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, 15 (7), 810-8

Future Challenges for Clinical Care of an Ageing Population Infected With HIV: A Modelling Study

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Future Challenges for Clinical Care of an Ageing Population Infected With HIV: A Modelling Study

Mikaela Smit et al. Lancet Infect Dis.

Erratum in

  • Corrections.
    Lancet Infect Dis. 2015 Sep;15(9):998. doi: 10.1016/S1473-3099(15)00230-3. Epub 2015 Jul 26. Lancet Infect Dis. 2015. PMID: 26333319 Free PMC article. No abstract available.

Abstract

Background: The population infected with HIV is getting older and these people will increasingly develop age-related non-communicable diseases (NCDs). We aimed to quantify the scale of the change and the implications for HIV care in the Netherlands in the future.

Methods: We constructed an individual-based model of the ageing HIV-infected population, which followed patients on HIV treatment as they age, develop NCDs-including cardiovascular disease (hypertension, hypercholesterolaemia, myocardial infarctions, and strokes), diabetes, chronic kidney disease, osteoporosis, and non-AIDS malignancies-and start co-medication for these diseases. The model was parameterised by use of data for 10 278 patients from the national Dutch ATHENA cohort between 1996 and 2010. We made projections up to 2030.

Findings: Our model suggests that the median age of HIV-infected patients on combination antiretroviral therapy (ART) will increase from 43·9 years in 2010 to 56·6 in 2030, with the proportion of HIV-infected patients aged 50 years or older increasing from 28% in 2010 to 73% in 2030. In 2030, we predict that 84% of HIV-infected patients will have at least one NCD, up from 29% in 2010, with 28% of HIV-infected patients in 2030 having three or more NCDs. 54% of HIV-infected patients will be prescribed co-medications in 2030, compared with 13% in 2010, with 20% taking three or more co-medications. Most of this change will be driven by increasing prevalence of cardiovascular disease and associated drugs. Because of contraindications and drug-drug interactions, in 2030, 40% of patients could have complications with the currently recommended first-line HIV regimens.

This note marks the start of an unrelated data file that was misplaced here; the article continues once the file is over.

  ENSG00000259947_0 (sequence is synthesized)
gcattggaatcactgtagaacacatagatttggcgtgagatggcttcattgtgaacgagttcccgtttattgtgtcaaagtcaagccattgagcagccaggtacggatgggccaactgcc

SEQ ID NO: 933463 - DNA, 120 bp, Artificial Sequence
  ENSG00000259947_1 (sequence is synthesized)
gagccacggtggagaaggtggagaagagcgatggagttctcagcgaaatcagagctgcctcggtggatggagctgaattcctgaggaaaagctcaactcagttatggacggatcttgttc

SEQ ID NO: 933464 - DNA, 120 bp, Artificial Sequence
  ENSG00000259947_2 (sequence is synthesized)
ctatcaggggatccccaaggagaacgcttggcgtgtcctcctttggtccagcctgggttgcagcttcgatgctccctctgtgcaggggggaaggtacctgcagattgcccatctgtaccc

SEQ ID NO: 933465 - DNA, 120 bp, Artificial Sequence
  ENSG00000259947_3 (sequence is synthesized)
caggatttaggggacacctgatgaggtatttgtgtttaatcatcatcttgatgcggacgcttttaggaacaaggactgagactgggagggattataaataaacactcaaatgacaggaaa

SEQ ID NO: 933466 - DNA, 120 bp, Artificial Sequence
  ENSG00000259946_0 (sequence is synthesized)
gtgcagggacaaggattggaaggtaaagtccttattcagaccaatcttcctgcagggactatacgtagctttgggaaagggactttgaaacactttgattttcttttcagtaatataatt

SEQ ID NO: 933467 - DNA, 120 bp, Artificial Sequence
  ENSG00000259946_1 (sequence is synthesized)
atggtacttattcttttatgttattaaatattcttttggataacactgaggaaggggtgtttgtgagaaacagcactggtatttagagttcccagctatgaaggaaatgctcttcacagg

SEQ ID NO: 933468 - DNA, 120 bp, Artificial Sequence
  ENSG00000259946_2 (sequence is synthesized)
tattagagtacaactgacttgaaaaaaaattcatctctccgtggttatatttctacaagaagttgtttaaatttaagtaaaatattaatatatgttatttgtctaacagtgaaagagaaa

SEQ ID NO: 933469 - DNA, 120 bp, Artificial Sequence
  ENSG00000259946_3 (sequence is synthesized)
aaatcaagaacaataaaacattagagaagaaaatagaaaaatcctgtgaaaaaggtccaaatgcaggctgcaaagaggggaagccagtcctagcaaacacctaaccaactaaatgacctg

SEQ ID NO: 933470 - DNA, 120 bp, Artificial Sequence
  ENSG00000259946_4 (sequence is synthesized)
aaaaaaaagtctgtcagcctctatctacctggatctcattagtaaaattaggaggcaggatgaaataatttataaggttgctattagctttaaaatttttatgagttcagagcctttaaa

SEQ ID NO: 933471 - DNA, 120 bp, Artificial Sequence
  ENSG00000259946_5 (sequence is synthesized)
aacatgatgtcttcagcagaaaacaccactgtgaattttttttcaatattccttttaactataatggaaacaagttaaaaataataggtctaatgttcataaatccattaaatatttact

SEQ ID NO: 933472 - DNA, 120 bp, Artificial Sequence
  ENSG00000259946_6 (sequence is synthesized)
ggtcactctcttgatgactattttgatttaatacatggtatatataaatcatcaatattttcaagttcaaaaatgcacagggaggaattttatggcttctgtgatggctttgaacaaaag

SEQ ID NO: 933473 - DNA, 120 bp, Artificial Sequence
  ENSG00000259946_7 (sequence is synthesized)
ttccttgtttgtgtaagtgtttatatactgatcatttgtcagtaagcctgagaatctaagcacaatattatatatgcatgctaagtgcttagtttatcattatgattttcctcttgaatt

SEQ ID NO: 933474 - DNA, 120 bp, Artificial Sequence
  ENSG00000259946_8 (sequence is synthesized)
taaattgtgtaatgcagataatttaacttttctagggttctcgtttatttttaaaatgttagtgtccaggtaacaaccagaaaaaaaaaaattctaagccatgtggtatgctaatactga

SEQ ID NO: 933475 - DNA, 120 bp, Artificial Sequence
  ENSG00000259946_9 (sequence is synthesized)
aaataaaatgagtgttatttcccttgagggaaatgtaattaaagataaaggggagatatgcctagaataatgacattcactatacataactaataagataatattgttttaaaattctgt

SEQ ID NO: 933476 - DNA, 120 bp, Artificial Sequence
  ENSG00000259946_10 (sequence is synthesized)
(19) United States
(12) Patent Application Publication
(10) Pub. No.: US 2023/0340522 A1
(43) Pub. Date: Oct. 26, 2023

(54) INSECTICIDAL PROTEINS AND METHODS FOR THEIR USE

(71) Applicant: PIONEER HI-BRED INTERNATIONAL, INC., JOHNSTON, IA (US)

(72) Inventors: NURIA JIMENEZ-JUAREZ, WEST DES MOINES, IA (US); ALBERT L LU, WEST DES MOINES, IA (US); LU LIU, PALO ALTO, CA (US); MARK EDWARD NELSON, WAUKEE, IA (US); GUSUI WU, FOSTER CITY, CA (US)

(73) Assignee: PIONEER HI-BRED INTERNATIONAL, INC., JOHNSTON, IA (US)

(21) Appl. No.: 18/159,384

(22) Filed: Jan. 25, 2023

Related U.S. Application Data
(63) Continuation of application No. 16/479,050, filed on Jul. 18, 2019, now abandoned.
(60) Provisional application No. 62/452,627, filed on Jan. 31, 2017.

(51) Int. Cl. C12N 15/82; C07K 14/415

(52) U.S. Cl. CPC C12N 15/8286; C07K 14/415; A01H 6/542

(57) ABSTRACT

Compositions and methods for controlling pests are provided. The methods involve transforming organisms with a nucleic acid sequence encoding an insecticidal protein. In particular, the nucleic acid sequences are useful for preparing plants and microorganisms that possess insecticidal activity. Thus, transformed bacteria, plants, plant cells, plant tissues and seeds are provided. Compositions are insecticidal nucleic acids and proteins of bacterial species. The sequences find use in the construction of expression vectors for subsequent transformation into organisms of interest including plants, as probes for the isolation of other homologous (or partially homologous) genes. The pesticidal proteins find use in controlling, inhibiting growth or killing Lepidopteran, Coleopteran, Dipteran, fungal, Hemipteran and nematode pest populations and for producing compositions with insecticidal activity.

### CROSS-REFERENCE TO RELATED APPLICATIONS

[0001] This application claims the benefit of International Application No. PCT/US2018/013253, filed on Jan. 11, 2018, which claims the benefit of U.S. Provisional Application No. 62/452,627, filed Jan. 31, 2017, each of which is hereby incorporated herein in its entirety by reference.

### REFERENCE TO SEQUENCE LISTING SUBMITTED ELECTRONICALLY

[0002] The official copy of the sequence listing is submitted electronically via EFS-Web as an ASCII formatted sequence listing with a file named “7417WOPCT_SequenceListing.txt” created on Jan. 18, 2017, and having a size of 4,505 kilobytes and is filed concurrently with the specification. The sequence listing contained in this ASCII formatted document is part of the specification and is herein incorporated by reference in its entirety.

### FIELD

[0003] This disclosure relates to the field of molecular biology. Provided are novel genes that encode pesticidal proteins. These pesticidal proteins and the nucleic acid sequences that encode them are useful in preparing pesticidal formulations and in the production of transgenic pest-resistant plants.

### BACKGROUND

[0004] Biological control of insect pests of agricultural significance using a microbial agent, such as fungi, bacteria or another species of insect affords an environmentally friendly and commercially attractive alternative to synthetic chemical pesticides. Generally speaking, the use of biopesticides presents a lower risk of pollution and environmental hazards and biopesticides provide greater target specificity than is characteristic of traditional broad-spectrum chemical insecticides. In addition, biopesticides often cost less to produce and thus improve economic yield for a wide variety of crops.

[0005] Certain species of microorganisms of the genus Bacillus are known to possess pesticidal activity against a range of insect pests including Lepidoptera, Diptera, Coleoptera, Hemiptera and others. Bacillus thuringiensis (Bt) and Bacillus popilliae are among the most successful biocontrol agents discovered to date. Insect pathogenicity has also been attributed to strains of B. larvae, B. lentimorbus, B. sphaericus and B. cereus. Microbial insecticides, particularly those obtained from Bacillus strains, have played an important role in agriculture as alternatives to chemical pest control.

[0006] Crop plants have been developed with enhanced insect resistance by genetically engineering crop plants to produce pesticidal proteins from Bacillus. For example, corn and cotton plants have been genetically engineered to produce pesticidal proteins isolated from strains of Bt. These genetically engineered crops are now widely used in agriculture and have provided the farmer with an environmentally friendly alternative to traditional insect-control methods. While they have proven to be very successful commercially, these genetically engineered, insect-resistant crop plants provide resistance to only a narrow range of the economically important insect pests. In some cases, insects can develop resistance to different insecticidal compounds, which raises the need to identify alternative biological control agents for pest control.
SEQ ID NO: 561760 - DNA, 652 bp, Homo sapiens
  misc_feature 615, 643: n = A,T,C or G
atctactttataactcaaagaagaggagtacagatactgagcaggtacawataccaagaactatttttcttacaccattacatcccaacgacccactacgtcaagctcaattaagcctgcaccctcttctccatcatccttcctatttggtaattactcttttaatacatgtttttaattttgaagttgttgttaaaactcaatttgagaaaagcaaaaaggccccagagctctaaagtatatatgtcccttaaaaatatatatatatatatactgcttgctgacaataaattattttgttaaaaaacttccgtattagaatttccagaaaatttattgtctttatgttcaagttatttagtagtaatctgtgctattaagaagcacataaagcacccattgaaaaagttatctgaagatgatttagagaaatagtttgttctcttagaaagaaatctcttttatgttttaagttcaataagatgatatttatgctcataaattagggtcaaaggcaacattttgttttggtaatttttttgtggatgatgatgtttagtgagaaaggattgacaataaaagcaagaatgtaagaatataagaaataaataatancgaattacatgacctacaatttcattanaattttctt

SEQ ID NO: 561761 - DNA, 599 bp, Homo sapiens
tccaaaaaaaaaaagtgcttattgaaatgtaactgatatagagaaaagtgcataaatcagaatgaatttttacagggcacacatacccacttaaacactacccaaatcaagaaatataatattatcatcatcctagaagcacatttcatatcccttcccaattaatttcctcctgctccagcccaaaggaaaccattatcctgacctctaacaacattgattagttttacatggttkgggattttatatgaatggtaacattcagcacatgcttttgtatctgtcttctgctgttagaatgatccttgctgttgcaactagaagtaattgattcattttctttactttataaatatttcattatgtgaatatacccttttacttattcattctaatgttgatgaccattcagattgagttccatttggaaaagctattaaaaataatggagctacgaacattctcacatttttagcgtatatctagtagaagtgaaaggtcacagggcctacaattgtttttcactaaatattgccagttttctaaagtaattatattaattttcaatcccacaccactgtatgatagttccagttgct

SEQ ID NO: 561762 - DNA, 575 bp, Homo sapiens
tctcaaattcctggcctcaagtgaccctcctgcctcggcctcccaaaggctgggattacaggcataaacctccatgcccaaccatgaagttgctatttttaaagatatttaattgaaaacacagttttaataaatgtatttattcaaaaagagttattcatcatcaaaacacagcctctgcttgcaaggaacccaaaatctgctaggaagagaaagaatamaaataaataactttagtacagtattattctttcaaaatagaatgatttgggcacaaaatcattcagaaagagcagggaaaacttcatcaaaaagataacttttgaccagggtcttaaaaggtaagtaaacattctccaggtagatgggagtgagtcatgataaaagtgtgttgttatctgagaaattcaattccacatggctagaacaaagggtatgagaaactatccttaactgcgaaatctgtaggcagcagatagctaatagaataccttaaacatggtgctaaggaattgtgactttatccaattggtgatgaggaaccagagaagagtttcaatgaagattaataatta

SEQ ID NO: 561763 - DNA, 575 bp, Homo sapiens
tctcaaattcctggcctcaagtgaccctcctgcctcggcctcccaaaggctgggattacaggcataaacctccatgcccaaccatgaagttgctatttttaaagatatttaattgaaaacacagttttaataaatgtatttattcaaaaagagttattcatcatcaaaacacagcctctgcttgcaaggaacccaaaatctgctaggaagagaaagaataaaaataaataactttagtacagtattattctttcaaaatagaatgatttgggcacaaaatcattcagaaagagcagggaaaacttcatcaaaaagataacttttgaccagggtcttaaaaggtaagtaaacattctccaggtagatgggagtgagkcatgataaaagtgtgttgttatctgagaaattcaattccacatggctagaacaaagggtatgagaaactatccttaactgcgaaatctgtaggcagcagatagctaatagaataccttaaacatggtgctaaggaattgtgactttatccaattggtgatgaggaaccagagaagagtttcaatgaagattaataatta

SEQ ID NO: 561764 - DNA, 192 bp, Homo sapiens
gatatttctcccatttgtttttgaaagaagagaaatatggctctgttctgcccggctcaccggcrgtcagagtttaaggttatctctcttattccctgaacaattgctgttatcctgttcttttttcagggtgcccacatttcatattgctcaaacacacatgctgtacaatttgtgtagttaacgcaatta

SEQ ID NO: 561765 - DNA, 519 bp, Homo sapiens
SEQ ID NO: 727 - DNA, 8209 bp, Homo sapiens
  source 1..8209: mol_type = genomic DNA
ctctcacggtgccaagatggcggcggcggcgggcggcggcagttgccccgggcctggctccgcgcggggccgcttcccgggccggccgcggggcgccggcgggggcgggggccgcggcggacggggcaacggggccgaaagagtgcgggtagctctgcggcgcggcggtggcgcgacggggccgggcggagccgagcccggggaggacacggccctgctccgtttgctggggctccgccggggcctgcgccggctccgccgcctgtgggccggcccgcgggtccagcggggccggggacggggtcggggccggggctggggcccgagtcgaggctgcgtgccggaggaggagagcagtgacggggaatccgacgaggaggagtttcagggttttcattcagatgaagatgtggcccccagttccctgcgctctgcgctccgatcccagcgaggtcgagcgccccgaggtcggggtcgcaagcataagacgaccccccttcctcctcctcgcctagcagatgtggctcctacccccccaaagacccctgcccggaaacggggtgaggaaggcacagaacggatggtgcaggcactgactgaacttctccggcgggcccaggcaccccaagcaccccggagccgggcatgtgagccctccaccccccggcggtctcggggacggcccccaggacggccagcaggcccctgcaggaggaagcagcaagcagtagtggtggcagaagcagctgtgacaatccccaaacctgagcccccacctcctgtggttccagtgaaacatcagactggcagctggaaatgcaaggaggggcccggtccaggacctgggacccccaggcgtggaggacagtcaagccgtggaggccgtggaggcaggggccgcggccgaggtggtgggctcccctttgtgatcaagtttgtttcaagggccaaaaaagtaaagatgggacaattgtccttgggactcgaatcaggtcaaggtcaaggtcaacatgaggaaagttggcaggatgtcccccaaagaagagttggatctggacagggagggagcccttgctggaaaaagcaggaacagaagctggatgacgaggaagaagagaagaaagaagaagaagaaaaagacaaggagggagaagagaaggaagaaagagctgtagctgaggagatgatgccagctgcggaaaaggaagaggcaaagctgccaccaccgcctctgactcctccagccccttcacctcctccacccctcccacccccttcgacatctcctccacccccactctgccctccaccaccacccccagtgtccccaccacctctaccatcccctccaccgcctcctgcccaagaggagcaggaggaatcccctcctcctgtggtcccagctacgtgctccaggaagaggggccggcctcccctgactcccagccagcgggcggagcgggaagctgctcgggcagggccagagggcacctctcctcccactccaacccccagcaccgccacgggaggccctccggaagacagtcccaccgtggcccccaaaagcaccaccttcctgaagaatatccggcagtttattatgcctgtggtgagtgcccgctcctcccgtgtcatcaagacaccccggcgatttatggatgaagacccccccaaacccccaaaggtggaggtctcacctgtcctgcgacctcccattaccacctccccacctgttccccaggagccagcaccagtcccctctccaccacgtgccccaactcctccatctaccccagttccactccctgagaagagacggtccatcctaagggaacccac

Interpretation: The profile of patients in the Netherlands infected with HIV is changing, with increasing numbers of older patients with multiple morbidities. These changes mean that, in the near future, HIV care will increasingly need to draw on a wide range of medical disciplines, in addition to evidence-based screening and monitoring protocols to ensure continued high-quality care. These findings are based on a large dataset of HIV-infected patients in the Netherlands, but we believe that the overall patterns will be repeated elsewhere in Europe and North America. The implications of such a trend for care of HIV-infected patients in high-burden countries in Africa could present a particular challenge.

Funding: Medical Research Council, Bill & Melinda Gates Foundation, Rush Foundation, and Netherlands Ministry of Health, Welfare and Sport.

Figures

Figure 1
Figure 1
Schematic of the model of an ageing HIV-infected population The model follows HIV-infected patients from the start of treatment until death or last year of model (2030). The model simulates how, over time, HIV-infected patients age, develop comorbidities, start co-medication for these conditions, and how these co-medications affect HIV treatment. The dashed square shows the comorbidities and interactions included in the model. Patients developed comorbidities as a function of age and sex. Comedication is prescribed on the basis of the comorbidities a patient has, which in turn affect drug–drug interactions with HIV treatment (ART). Mortality risk is affected by both age and the number and type of comorbidity and is simulated for patients on ART. ART=antiretroviral therapy.
Figure 2
Figure 2
Projected age distribution of HIV-infected patients The red box shows the age distribution of patients on antiretroviral therapy in clinical care in the Netherlands in 2010, which matches the data exactly, and the blue box shows model output from 2011–30.
Figure 3
Figure 3
Predicted comorbitities (A) Predicted burden of NCDs in HIV-infected patients between 2010 and 2030 as simulated by the model. (B) Distribution of the number of NCDs by age group for HIV-infected and HIV-uninfected patients in 2030. NCD=non-communicable disease.
Figure 4
Figure 4
Predicted co-medications (A) Predicted burden of co-medications in HIV-infected patients between 2010 and 2030. (B) Predicted prevalence of comedication in 2030 as cross-section of number of patients on the different types of co-medications, based on a representative 400 patients (each square represents a patient). NCD=non-communicable disease.

Comment in

  • Predictions of geriatric HIV in 2030.
    Vance DE, Cody SL. Vance DE, et al. Lancet Infect Dis. 2015 Jul;15(7):753-4. doi: 10.1016/S1473-3099(15)00063-8. Epub 2015 Jun 9. Lancet Infect Dis. 2015. PMID: 26070968 No abstract available.
  • Respiratory co-morbidities in people with HIV.
    Brown J, Smith C, Johnson M, Lipman M, Abubakar I. Brown J, et al. Lancet Infect Dis. 2016 Jan;16(1):21. doi: 10.1016/S1473-3099(15)00468-5. Lancet Infect Dis. 2016. PMID: 26738830 No abstract available.

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